In 2017 a literature review found that fat loss was similar between high-intensity interval training and steady-state cardio.


  • You don’t have to only use HIIT for fat loss.
  • You can lose fat with both HIIT and moderate-intensity exercise. The caloric restriction will be the determining factor for fat loss.
  • Some people have personality traits that gravitate towards high-intensity exercise, whereas others do not. Find out which form of exercise best suits your needs and schedule


For several years, performing high-intensity interval training or HIIT has been recommended to burn fat. HIIT workouts can be defined as exercises performed above a peak heart rate of 80% or more. HIIT sessions are performed in multiple short bursts in which a person exercises at a high intensity for a few seconds and then has a brief recovery period at a slower rate.

Calories burned during HIIT workouts are greater than in traditional cardio workouts. HIIT is supposed to increase metabolic rate because of the high-intensity bursts of exercise. HIIT treadmill workouts for fat loss are advocated by many fitness professionals. Contrary to HIIT, Low-Intensity Steady State Workouts (LISS workouts) has been advocated to be ineffective for fat loss compared to HIIT.


The most common example is a spin class or a treadmill program involving maximal sprints with short rest periods. Moderate-intensity continuous exercise or steady-state cardio is the exercise performed at less than 80% of a peak heart rate and over a more prolonged period (i.e., cycling or walking for 45 minutes). Some advocate that a treadmill HIIT workout is superior to fat loss to traditional cardio exercise. HIIT is advantageous for the following reasons:

a.) it burns more calories in a short amount of time

b.) HIIT can improve anaerobic performance and may improve lean muscle mass.

c.) HIIT can provide health benefits in a shorter period of time.

Fhiit trainer treadmill hiit workout how long does it take for hiit results cardio vs hiit steady state cardio vs hiit hiit vs cardio
HIIT is not superior to moderate-intensity continuous exercise for fat loss.

The biggest issue with HIIT vs. LISS (Low-Intensity Steady State Cardio) is that HIIT is exhausting to perform, especially if you are dieting. Doing several rounds of high-intensity sprint cycling isn’t realistic if you have been on a calorie-restricted diet for several weeks, especially if you are performing regular resistance exercise.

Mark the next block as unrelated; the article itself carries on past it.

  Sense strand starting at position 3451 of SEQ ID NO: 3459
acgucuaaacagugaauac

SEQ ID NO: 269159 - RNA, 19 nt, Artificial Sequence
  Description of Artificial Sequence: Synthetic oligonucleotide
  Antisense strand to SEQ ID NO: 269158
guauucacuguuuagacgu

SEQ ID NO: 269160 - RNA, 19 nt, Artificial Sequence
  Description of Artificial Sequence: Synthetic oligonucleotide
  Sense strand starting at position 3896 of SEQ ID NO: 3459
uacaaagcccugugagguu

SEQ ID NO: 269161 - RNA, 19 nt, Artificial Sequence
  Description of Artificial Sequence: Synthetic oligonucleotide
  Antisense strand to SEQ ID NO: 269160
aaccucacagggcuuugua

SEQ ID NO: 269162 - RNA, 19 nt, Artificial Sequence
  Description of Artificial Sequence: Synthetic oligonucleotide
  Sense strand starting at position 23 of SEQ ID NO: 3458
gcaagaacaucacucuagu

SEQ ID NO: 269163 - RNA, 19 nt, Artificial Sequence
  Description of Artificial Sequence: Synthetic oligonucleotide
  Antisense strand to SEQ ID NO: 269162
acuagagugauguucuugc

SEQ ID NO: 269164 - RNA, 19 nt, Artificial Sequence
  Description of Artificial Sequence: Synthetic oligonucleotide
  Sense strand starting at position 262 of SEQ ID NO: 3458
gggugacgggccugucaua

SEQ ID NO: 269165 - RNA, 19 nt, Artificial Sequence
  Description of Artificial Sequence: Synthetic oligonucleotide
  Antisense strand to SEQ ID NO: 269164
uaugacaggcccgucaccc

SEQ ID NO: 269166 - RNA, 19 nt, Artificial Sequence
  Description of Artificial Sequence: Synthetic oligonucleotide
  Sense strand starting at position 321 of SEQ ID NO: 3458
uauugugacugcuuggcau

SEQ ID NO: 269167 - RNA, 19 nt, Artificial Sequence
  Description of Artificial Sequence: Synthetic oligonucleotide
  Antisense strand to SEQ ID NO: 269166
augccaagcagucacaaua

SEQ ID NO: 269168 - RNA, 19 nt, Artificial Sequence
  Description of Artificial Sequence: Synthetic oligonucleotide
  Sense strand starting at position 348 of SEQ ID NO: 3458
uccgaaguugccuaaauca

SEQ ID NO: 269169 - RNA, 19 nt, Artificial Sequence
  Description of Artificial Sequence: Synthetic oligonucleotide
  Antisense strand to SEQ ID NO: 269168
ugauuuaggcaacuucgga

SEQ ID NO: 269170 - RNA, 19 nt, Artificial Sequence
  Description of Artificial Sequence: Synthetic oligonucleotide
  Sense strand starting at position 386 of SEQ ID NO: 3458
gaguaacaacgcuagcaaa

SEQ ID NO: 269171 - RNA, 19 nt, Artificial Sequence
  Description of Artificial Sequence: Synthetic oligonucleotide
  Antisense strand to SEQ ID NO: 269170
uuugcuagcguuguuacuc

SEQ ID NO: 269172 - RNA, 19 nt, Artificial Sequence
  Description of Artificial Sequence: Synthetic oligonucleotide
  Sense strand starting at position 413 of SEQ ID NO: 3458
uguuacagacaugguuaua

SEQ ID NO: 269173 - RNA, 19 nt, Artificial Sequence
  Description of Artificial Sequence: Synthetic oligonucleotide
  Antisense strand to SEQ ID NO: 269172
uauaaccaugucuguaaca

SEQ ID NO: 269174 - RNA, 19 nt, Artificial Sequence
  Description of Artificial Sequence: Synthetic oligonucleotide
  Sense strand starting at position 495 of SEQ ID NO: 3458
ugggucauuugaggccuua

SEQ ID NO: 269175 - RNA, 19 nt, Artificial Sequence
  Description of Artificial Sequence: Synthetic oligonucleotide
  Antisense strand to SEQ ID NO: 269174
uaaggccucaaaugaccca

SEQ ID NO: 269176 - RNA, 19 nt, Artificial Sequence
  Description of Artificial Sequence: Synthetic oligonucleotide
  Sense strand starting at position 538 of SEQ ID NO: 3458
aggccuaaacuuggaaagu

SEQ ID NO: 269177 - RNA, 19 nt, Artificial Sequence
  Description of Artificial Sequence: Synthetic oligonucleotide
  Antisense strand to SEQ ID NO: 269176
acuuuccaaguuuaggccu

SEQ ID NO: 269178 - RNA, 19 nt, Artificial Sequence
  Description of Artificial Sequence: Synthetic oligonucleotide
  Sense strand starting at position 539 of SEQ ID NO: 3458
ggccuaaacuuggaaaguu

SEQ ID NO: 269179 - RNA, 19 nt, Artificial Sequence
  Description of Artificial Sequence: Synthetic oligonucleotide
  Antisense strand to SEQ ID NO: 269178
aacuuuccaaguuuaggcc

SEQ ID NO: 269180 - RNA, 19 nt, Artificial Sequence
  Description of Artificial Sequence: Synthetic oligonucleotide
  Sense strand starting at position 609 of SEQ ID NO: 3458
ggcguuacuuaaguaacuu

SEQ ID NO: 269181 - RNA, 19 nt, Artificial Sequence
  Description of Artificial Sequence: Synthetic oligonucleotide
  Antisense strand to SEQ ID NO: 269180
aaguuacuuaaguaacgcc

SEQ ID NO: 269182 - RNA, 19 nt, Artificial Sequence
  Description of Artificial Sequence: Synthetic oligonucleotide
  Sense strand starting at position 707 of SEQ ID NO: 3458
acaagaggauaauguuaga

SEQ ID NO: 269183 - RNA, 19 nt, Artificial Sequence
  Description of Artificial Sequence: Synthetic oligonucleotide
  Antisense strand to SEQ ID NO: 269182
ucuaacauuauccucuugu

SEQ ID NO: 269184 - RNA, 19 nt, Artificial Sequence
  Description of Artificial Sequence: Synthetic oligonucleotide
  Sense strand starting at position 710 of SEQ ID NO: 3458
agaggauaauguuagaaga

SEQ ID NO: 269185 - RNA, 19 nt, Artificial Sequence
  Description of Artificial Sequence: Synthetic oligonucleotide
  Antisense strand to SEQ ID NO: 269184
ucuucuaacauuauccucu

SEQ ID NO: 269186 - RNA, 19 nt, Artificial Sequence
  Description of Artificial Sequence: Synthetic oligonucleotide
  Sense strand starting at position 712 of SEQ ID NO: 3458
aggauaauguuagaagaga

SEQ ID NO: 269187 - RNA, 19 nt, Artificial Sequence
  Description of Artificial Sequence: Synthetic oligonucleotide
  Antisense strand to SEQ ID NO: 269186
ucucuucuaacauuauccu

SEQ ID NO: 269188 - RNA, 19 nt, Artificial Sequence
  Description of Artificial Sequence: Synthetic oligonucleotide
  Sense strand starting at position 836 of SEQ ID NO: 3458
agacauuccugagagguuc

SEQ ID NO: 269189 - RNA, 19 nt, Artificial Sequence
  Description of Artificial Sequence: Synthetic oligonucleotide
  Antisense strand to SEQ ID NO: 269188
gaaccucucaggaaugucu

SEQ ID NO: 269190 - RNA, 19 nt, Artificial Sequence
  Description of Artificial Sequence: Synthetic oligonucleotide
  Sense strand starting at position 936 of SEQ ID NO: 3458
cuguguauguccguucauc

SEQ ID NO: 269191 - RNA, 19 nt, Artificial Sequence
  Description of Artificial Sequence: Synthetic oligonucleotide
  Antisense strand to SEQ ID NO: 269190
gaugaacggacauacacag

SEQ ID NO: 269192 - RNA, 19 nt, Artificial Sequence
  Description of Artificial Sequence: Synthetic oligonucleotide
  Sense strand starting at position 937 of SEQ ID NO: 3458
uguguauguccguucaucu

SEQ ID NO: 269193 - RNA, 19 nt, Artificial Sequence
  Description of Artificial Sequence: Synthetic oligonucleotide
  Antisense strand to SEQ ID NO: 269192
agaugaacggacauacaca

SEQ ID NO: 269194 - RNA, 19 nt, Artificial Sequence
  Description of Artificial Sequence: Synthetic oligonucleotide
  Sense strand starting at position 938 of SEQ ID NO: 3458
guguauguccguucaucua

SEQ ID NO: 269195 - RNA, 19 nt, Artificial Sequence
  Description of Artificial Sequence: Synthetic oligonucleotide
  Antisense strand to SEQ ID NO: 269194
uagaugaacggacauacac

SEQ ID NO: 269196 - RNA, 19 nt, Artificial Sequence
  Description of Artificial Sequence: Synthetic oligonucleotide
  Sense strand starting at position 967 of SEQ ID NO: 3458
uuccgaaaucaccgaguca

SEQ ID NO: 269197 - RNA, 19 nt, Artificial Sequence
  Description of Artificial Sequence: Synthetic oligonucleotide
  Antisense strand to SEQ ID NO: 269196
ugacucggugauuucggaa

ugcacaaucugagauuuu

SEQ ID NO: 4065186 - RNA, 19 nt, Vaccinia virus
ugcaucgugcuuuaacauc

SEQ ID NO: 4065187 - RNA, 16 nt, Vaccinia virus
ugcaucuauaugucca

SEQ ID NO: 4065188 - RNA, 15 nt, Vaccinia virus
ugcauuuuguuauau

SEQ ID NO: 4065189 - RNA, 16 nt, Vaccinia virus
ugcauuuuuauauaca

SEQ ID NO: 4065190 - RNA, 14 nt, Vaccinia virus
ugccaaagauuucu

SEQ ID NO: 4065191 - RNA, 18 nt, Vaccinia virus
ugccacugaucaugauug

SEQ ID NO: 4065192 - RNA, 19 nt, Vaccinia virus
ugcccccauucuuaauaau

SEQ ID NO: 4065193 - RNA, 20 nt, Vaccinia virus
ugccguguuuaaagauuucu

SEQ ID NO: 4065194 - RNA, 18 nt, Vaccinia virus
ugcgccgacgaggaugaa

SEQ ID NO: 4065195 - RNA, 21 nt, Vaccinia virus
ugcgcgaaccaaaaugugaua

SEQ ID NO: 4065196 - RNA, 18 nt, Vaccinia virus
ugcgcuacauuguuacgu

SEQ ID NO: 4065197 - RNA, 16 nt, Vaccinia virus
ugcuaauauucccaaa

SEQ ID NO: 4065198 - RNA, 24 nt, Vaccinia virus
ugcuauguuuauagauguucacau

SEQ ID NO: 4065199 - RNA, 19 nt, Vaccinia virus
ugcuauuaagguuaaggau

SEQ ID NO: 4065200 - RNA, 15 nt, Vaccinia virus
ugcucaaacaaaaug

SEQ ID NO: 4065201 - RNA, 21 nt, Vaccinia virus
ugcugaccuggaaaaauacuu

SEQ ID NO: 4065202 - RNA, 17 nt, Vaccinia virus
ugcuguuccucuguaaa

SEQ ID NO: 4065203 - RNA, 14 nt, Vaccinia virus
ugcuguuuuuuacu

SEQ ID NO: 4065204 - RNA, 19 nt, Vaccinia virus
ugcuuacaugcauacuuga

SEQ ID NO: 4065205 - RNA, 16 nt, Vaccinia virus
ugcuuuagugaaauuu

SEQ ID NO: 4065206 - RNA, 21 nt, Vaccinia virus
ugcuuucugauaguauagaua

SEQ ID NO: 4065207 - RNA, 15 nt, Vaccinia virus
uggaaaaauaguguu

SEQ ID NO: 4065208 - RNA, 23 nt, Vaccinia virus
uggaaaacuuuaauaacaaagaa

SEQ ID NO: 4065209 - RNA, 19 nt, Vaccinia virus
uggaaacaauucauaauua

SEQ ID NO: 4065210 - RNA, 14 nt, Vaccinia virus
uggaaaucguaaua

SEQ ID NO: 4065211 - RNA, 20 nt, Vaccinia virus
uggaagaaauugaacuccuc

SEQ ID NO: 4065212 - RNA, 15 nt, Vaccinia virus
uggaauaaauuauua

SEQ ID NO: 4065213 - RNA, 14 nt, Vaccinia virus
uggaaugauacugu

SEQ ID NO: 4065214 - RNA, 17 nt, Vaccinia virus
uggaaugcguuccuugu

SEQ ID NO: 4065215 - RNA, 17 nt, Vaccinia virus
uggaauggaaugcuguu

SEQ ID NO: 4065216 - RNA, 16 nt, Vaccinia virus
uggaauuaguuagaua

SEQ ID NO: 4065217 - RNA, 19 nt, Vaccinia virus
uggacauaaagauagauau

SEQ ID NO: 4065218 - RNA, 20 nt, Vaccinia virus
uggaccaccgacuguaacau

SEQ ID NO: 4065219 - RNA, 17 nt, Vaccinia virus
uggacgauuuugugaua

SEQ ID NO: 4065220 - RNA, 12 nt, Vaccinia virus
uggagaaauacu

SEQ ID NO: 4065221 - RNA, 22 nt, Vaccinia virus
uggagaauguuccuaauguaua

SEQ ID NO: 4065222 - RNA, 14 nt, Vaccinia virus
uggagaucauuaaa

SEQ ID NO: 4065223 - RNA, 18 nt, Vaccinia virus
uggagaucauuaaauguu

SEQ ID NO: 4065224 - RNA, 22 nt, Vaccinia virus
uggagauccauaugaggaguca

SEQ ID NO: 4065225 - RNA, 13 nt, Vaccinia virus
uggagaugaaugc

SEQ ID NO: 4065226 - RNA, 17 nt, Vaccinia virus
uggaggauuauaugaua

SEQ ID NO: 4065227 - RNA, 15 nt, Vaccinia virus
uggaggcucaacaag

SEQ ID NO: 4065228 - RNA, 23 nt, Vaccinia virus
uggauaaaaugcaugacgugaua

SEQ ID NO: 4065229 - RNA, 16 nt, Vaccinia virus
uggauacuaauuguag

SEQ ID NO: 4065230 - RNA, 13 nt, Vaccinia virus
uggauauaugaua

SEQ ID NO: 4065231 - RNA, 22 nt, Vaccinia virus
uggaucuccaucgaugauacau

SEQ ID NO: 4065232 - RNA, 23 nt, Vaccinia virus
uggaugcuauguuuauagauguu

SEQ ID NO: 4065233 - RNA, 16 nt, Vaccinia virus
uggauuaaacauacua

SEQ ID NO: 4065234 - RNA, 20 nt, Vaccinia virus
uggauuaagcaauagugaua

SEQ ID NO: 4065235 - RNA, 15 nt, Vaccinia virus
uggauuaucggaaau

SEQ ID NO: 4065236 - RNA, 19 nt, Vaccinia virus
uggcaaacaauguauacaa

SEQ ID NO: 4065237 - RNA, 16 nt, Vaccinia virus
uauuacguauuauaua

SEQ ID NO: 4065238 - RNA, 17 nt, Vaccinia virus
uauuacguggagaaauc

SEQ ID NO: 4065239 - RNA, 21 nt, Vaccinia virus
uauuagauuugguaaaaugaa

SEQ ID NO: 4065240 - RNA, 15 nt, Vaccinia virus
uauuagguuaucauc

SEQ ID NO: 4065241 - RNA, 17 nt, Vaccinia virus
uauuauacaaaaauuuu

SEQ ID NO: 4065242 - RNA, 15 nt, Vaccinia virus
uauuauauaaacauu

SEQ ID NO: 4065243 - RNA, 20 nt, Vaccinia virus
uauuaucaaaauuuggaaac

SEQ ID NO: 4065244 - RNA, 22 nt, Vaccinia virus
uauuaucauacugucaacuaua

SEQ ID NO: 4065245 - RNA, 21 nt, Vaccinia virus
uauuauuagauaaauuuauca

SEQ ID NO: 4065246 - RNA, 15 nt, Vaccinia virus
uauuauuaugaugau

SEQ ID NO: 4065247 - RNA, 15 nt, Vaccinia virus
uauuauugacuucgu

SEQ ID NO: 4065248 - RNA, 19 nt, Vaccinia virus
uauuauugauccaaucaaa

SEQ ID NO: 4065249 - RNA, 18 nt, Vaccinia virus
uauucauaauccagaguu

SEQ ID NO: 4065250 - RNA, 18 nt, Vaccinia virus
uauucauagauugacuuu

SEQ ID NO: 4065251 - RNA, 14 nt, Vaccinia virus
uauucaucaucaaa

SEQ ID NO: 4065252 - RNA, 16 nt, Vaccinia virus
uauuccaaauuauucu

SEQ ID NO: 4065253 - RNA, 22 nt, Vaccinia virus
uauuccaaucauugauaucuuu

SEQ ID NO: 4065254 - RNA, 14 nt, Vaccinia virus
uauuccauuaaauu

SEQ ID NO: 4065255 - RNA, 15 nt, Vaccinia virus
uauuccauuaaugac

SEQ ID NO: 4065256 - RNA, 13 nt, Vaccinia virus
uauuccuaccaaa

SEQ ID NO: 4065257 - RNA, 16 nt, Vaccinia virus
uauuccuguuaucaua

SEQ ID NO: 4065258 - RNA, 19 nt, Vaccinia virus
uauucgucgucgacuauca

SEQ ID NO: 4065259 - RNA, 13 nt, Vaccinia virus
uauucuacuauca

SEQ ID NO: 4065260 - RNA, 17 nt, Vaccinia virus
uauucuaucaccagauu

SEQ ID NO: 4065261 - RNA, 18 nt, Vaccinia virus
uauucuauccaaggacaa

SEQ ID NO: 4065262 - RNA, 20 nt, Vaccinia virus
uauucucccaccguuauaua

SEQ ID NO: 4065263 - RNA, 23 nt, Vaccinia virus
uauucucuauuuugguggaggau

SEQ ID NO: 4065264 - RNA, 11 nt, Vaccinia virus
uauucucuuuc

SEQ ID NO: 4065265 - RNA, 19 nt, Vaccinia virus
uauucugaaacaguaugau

What’s better for weight loss, running or HIIT is a common question by those looking to lose fat. In 2017 a literature review found that fat loss was similar between LISS vs. HIIT. (1) The meta-analysis of 56 studies examined the effects of HIIT vs. moderate-intensity continuous cardio for fat loss and lean muscle mass. The results were the following:

a.) HIIT was not superior to moderate-intensity continuous exercise for fat loss.

b.) HIIT was not superior to moderate-intensity continuous exercise for increasing lean muscle mass.


The review found that the exercise intensity and duration of cardio had minimal impact on the rates of fat loss. Thus, individuals should choose the form of cardio that best suits their needs for fat loss. (2) The author concluded, “Our findings provide compelling evidence that the pattern of the intensity of effort and volume during endurance exercise [i.e., interval training vs. continuous training] has minimal influence on longitudinal changes in fat mass and fat-free mass, which are likely to be minimal anyway.”


Some people like having a HIIT trainer that pushes them to their limits with high-intensity workouts such as HIIT, while others will not and will enjoy moderate-intensity cardio at a lower intensity. Some people have intensity-preference traits that influence how a person feels during exercise. (3)